spectacular bitch

This is a place for text


All Hail the Winter Bush


With most of the country caught in the bony blue grips of a deep freeze, I think it’s high time we address the state of our nethers, and whether weather has any bearing at all on said nethers.

I would argue that a slightly more “au natural” state is perfectly ok during a time of year when our lady parts are more likely to be swathed in wool blankets by a fire than trying to sneak a peek at the sun in a daring paddle board yoga starfish pose.

Also, the New York Times posits that after so many years of chasing a “barren landscape” brought about by the introduction of the bikini in the 60′s and, frankly, porn more recently – “there’s something refreshingly retro, delightfully expressive and confidently grown-up in getting back to nature.”

Bravo, I say. Critical here, is to tiptoe the fine line between slothful disregard and a considered aesthetic choice. It makes all the difference in the world. Why not take it easy on ourselves for a few months? Space out those trips to the aesthetician and let those razors rest. Of course, a wee bit of pruning here and there might be in order, but why not say why not? to what the NYTimes brilliantly coins “the bombshell bush?”

Photo credit: Helmut Newton

If Miranda Kerr can't make it look good, what hope is there for the rest of us?
If Miranda Kerr can't make it look good, what hope is there for the rest of us?

High-Waisted Swim Suits: Yay or Nay?

The fact that I’m only getting around to writing about this trend in August means I have spent all summer trying with all my might to understand, embrace and enjoy this look.

While there is much to like about this look in theory, I have yet to see anyone actually look good in a high-waisted suit and it’s confounding to me.

On the plus side:

1. I like the idea of a retro glammy swim suit.

2. I like the idea of a little coverage for girls who may want a two-piece but have a little extra tummy love.

3. I like the idea that these bottoms won’t go flying off when you dive off the dock.

4. I like the fact that you don’t have to wax to within an inch of your life in this.

5. I like the fact that these suits pretty much declare to all the boys: I don’t care what you think.

6. I like the idea of being able to share swimsuits with my grandma.

On the minus side:

1. Ke$ha, Taylor Swift, Florence Welch, and Katy Perry all look kind of eeesh in their high-waisted suits and, with the exception of Ke$ha, they all have quite nice healthy figures.

2. Dita Von Teese could probably pull off a high-waisted suit, but to my knowledge she eschews water and, in fact, does not go outside when it’s daylight.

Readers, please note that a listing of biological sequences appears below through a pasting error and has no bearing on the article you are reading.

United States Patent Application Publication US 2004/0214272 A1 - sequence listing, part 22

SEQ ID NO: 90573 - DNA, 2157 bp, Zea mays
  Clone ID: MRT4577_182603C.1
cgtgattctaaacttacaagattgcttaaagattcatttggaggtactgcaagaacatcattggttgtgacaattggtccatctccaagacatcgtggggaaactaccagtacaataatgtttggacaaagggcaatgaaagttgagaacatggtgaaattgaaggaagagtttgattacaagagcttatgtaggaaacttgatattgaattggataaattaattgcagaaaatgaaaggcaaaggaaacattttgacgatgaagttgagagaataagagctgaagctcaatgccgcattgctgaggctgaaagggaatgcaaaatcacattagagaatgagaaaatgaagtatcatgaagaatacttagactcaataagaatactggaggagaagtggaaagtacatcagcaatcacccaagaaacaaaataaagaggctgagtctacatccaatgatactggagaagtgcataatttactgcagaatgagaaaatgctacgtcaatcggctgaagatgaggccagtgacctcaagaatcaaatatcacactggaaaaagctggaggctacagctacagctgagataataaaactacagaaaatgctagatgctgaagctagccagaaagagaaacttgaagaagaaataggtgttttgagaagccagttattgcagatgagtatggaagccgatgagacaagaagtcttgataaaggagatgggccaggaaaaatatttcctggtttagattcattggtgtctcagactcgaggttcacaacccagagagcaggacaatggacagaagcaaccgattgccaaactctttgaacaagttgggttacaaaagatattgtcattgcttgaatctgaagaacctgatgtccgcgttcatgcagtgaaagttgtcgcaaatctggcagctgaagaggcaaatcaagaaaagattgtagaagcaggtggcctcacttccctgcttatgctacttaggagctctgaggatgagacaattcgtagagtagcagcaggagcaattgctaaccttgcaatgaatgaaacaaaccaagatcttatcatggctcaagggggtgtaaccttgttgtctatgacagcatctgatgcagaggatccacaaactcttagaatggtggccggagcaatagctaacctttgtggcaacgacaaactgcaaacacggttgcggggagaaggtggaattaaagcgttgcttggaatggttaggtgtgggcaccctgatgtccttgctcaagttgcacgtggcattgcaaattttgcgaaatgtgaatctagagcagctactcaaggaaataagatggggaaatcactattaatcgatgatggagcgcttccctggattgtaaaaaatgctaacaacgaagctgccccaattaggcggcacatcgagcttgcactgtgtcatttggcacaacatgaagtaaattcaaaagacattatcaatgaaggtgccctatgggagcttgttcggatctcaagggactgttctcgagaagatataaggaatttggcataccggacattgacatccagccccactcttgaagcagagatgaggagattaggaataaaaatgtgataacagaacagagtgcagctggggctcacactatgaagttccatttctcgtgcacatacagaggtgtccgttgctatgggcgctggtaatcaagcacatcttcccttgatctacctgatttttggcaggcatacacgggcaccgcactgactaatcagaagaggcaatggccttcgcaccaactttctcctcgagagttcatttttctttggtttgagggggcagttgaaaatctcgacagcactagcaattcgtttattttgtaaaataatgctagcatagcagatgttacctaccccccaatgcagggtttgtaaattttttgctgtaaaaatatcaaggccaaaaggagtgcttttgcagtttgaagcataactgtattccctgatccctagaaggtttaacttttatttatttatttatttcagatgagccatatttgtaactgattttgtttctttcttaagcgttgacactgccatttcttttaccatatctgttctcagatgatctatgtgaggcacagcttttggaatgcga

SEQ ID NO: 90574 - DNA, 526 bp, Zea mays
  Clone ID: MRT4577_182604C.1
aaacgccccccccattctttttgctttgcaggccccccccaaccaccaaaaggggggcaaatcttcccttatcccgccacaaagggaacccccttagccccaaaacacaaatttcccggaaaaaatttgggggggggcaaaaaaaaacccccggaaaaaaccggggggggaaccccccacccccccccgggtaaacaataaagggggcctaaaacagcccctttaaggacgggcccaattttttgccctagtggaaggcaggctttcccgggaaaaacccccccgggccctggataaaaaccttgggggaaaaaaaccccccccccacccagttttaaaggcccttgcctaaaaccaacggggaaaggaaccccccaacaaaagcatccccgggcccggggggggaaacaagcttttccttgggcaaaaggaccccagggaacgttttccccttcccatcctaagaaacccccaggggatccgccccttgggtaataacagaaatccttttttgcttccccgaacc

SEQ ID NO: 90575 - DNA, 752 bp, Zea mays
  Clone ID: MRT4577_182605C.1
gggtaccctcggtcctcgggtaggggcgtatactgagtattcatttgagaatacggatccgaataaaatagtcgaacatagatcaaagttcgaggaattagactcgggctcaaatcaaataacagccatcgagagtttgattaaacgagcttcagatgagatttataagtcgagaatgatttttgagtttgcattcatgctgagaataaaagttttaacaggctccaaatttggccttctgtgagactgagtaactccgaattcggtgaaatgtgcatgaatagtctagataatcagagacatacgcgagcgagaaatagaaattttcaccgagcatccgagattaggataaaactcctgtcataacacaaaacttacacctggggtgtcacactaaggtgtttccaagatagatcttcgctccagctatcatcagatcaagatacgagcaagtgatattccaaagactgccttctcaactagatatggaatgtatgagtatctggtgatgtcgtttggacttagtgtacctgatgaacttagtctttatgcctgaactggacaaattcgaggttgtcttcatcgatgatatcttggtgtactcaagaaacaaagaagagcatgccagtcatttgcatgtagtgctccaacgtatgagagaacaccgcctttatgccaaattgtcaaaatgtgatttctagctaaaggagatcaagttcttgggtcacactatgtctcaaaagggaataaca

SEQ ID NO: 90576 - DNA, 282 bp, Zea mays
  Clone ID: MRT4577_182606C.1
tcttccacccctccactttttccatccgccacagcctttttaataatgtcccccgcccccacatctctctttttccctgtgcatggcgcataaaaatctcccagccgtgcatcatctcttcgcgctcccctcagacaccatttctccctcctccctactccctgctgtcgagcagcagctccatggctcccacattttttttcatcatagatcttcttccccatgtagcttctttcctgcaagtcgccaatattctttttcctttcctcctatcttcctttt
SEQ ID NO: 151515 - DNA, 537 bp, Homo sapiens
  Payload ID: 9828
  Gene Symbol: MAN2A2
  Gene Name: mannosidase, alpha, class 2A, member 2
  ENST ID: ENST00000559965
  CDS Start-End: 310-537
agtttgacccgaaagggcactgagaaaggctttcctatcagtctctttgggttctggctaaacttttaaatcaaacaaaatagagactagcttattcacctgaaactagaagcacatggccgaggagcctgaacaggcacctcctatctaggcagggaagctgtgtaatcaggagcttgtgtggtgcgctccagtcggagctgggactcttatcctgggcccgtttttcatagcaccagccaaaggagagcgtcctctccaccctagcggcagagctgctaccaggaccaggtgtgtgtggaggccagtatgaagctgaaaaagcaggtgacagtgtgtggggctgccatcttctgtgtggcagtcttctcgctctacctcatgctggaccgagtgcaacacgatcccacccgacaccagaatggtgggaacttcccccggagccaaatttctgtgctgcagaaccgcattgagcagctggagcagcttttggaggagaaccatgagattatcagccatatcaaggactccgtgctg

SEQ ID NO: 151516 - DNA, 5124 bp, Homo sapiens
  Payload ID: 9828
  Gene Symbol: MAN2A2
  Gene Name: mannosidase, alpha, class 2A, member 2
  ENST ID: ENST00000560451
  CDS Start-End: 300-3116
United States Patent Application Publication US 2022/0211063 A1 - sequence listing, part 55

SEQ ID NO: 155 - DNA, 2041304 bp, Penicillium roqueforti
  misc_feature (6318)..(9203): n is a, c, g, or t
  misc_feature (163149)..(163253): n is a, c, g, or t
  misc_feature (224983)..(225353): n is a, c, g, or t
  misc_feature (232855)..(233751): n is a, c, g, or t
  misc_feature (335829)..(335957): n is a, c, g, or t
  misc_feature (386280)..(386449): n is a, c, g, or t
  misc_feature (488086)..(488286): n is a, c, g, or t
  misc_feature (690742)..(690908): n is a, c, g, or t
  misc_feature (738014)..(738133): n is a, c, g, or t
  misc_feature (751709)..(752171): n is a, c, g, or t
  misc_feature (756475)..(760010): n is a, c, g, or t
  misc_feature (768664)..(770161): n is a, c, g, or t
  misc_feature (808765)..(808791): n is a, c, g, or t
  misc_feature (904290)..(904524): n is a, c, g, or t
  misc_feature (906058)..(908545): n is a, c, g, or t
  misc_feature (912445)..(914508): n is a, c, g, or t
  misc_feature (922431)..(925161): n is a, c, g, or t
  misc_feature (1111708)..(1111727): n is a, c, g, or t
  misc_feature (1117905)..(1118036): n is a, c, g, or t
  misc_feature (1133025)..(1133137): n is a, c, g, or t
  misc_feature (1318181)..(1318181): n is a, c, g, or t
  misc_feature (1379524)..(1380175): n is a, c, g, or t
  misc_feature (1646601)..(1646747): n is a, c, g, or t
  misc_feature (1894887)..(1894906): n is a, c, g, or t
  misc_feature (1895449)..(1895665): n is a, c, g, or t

3. If you wouldn’t wear underwear this big, why would you wear bikini bottoms this big?

4. It’s not so much that the waist looks high, but the crotch looks low. Is low crotch ever a good look when you’re frolicking in the surf?

5. From behind, these suits make the bum look like a vast and endless savanna of lycra.

6. Belly button suffocation.

7. Oh ya, and low crotch. Again. Bad.

That’s 5 to 7, with high-waisted being the clear loser.

Not a fan.


Flights of Fancy: Dolce and Gabbana Town Mercato Dress


I just made up the name “town mercato dress” because that’s where I’d wear the little number on the far right. (Yoohooo! Did you catch that Domenico and Stefano? Perhaps you’d like to hire SB to work in your emporium of sexiness? Your ufficio of femininity? Your bureau of bustiers? Hmmm? Sì? Sì?)

Normally, I’m not one to advocate bra-top dressing, but the retro cut of the top and the high waist of the skirt is darling. Add the vegetal print, and I’m frothy for a big straw bag, some Euros tucked into that bra top and a windy dirt road to the town market in Capri.

Perhaps I’d meet a dark Italian smoking a cigarillo on a fence on my way back and he’d carry my heavy burden and I’d kindly repay him with un pranzo lungo.

What? It could happen.

To see the 2012 collection in motion, look here.

And for more gorgeous pictures of Dolce and Gabbana’s 2012 Ad campaign by Giampaolo Sgura peep over here.



The Evolution of the Bra

Robin Givhan’s piece about the bra’s big moments in history in Newsweek’s Mad Men issue is a good read. It’s not entirely surprising that such a slip of a thing, an unmentionable, an undergarment would become such a politicizing and polarizing symbol.

It may be hidden, but it’s the article of clothing a woman feels the most – around her ribs, over her shoulders, across her beating heart – where big breaths and loud roars originate, where selfhood and passions reside.

It sort of gives new meaning to the lyrics: when you love somebody, set them free.

Not that I’m advocating any sort of bralessness lawlessness. If the girls need support, you give it.

But if they don’t, well, you know what to do.